The craze for 3D blockbusters such as The Amazing Spider-Manresulted in UAE box-office revenues climbing in the first six months of this year.
Big-budget three-dimensional movies including Ice Age: Continental Drift, Titanic 3D and The Avengers helped cinema takings to rise to Dh231 million (US$62.8m) by the end of June.
That compares with Dh212m takings in the first six months of last year, according to figures from Empire International Gulf, a regional distributor of films on behalf of 20th Century Fox and Columbia Pictures.
"This year we had more 3D releases," said Kifah Ghraizi, the regional manager at Empire International. "The 3D ticket price is more expensive than the normal ticket price. So that gave it a push at the box office."
Despite higher box-office takings, there were actually fewer tickets sold at the beginning of this year.
In the first six months, there were 5.77 million admissions to UAE cinemas, compared with about 5.8 million during the same period last year.
But the higher ticket prices for 3D films made up for fewer tickets being sold.
"Fewer people came, but the box-office [takings] were higher," Mr Ghraizi said. "For 3D, the price is almost 50 per cent more than the standard ticket price."
In full, last year's box-office takings in the UAE were Dh425m, with 11.5 million admissions, according to Empire International.
Mr Ghraizi said the picture was likely to be better this year, especially given the release of big blockbusters such as The Dark Knight Rises this month.
"We're still promised more blockbusters this year," he said. "I'm expecting [total admissions to rise] by maybe 5 to 6 per cent".
Globally, there has been a boom in the number of 3D-compatible cinemas since the release of James Cameron's blockbuster Avatar in 2009.
In 2010, 21 per cent of box office revenues in North America came from 3D movies, nearly double the 2009 total, according to the Arab Media Outlook, which was published in April in collaboration with the Dubai Press Club and Deloitte.
That proportion is higher in the UAE, where an estimated 35 per cent of box-office revenues came from 3D films.
"Although the number of 3D screens in the Arab region remains low for now, we expect this to pick up as the industry continues to gain momentum at an international level," the report said.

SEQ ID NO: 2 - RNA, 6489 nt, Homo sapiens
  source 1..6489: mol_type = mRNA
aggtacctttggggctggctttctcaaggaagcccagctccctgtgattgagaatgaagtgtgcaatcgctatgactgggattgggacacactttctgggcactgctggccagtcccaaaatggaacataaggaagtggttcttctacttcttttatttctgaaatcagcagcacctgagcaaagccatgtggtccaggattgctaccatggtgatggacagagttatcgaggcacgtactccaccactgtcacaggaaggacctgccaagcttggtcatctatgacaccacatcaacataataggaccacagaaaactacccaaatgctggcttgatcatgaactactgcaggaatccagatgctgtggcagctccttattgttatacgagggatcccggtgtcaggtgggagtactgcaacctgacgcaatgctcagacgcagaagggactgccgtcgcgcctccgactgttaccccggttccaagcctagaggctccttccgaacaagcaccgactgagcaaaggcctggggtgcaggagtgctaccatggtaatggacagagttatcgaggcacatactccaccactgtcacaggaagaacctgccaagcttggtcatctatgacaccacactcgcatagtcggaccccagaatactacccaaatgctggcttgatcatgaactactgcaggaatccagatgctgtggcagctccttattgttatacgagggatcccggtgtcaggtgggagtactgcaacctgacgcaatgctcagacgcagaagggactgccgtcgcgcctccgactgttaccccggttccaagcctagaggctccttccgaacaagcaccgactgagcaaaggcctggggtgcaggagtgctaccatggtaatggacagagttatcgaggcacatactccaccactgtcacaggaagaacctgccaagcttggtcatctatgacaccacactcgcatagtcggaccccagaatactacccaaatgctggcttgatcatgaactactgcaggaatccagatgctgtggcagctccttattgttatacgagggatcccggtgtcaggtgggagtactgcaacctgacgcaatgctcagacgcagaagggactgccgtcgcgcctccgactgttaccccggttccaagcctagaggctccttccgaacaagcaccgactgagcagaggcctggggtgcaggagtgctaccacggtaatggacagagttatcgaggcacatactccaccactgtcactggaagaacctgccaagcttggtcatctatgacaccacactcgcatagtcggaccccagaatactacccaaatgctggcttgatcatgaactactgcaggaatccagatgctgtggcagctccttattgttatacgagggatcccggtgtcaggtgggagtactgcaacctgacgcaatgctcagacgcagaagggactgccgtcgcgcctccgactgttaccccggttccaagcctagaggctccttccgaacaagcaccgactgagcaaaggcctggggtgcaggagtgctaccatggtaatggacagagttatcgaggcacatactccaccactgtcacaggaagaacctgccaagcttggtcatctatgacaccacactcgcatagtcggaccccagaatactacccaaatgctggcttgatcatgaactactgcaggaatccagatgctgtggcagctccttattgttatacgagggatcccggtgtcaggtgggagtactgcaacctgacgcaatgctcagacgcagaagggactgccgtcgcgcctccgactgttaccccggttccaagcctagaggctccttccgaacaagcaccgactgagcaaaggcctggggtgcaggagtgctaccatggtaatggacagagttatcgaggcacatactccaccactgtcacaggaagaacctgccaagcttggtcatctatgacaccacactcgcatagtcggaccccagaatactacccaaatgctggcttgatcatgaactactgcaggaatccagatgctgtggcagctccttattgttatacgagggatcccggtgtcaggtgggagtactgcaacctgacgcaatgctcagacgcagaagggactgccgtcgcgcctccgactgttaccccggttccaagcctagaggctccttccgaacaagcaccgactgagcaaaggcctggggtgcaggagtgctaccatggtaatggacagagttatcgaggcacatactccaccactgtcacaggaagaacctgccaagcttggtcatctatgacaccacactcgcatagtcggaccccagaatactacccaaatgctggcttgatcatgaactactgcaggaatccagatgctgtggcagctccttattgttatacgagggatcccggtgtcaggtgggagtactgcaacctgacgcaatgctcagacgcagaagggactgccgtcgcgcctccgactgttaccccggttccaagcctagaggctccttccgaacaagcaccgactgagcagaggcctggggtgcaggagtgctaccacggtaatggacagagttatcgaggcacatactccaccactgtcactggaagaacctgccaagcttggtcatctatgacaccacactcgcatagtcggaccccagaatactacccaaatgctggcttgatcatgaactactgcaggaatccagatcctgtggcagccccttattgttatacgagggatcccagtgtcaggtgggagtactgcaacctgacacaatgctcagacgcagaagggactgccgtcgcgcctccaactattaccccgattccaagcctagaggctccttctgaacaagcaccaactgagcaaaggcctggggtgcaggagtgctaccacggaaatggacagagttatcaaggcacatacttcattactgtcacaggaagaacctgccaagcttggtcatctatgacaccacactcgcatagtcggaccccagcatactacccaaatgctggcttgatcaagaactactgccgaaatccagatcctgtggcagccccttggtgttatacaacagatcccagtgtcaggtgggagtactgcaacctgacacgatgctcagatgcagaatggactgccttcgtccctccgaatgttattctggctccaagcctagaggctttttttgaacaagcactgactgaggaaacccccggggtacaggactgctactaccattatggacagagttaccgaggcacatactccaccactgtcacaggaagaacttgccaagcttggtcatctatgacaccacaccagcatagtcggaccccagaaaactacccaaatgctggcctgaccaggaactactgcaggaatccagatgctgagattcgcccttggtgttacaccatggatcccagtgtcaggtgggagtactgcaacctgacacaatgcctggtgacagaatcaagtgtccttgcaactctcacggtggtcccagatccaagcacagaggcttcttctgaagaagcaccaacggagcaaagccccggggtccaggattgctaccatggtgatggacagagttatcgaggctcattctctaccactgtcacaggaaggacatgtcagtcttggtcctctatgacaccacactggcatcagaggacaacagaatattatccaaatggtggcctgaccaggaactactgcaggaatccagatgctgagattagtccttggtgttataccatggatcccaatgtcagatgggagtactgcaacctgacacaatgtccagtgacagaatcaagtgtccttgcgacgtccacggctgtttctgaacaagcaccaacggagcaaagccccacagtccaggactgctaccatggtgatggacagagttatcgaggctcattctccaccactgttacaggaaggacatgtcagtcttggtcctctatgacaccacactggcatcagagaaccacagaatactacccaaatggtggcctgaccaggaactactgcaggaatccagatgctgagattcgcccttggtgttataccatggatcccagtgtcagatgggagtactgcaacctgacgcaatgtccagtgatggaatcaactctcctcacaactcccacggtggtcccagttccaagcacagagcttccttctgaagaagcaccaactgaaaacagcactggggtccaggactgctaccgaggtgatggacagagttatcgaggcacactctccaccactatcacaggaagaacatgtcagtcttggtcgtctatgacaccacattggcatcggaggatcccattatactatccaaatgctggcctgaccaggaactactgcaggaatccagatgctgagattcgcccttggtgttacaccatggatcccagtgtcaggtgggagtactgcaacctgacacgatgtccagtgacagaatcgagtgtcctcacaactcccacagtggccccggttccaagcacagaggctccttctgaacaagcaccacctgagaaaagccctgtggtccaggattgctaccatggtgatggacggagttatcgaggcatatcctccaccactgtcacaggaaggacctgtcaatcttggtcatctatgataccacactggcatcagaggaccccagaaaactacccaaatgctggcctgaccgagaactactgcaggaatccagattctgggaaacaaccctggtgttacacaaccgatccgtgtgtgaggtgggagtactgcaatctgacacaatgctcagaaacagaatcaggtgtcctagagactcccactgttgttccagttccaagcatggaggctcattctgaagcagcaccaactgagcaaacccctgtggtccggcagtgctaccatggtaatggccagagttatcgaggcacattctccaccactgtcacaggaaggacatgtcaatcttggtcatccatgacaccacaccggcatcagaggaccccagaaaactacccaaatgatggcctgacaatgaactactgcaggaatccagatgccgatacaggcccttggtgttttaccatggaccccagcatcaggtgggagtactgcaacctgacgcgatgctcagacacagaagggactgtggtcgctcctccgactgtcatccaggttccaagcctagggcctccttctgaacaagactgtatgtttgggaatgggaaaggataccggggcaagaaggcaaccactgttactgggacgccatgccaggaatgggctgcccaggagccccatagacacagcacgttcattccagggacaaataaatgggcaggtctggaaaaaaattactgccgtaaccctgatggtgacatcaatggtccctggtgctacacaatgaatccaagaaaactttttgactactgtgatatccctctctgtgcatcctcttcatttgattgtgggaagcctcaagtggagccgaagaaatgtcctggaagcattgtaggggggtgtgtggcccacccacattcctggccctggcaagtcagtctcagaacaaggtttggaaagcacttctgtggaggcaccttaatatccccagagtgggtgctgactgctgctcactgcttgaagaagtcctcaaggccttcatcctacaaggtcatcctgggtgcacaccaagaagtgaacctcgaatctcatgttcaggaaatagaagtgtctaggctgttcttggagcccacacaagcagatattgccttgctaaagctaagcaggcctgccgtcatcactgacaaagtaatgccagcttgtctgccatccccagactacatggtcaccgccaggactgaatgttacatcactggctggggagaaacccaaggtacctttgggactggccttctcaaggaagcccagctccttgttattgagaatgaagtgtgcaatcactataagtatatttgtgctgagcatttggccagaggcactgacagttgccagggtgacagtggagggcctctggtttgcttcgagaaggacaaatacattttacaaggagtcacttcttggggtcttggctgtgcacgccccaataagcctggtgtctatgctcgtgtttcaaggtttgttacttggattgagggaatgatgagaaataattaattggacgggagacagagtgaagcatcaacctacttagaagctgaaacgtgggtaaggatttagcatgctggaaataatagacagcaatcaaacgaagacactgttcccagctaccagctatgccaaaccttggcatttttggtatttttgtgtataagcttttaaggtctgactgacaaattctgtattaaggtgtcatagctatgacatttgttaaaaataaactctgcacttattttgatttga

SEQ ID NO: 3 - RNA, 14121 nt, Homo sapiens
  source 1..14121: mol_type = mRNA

Other film-industry executives also said they expected a slight boost in the UAE cinema industry this year.
John Chahine, the general manager of the UAE branch of the film distributor Italia Film, said that a boost in tourism to the UAE was partly behind this.
"Right now, we are 2 or 3 per cent higher than 2011," he said of box-office takings.
Gordon Kirk, the general manager of the Dubai-based chain Reel Cinemas, agreed that there was an upward trend in the industry.
"With Reel Cinemas welcoming over 2.2 million patrons in 2011, and the retail and leisure sector of Dubai recording consistent growth, we expect to sustain the momentum," he said.
For the country's cinema industry there is an annual lull in admissions during Ramadan, especially when it falls in the hot summer months while many expatriates are away on holiday.
This is exacerbated by the delay in the release of summer blockbusters - which this year included The Dark Knight Rises - until the end of the Holy Month.
However, the UAE cinema industry has enjoyed meteoric growth during the past decade, given that there were just two million admissions recorded in 2002.
Cinema chains in the Emirates are now looking to expand overseas, with VOX Cinemas, Grand Cinemas and Reel Cinemas all eying new markets.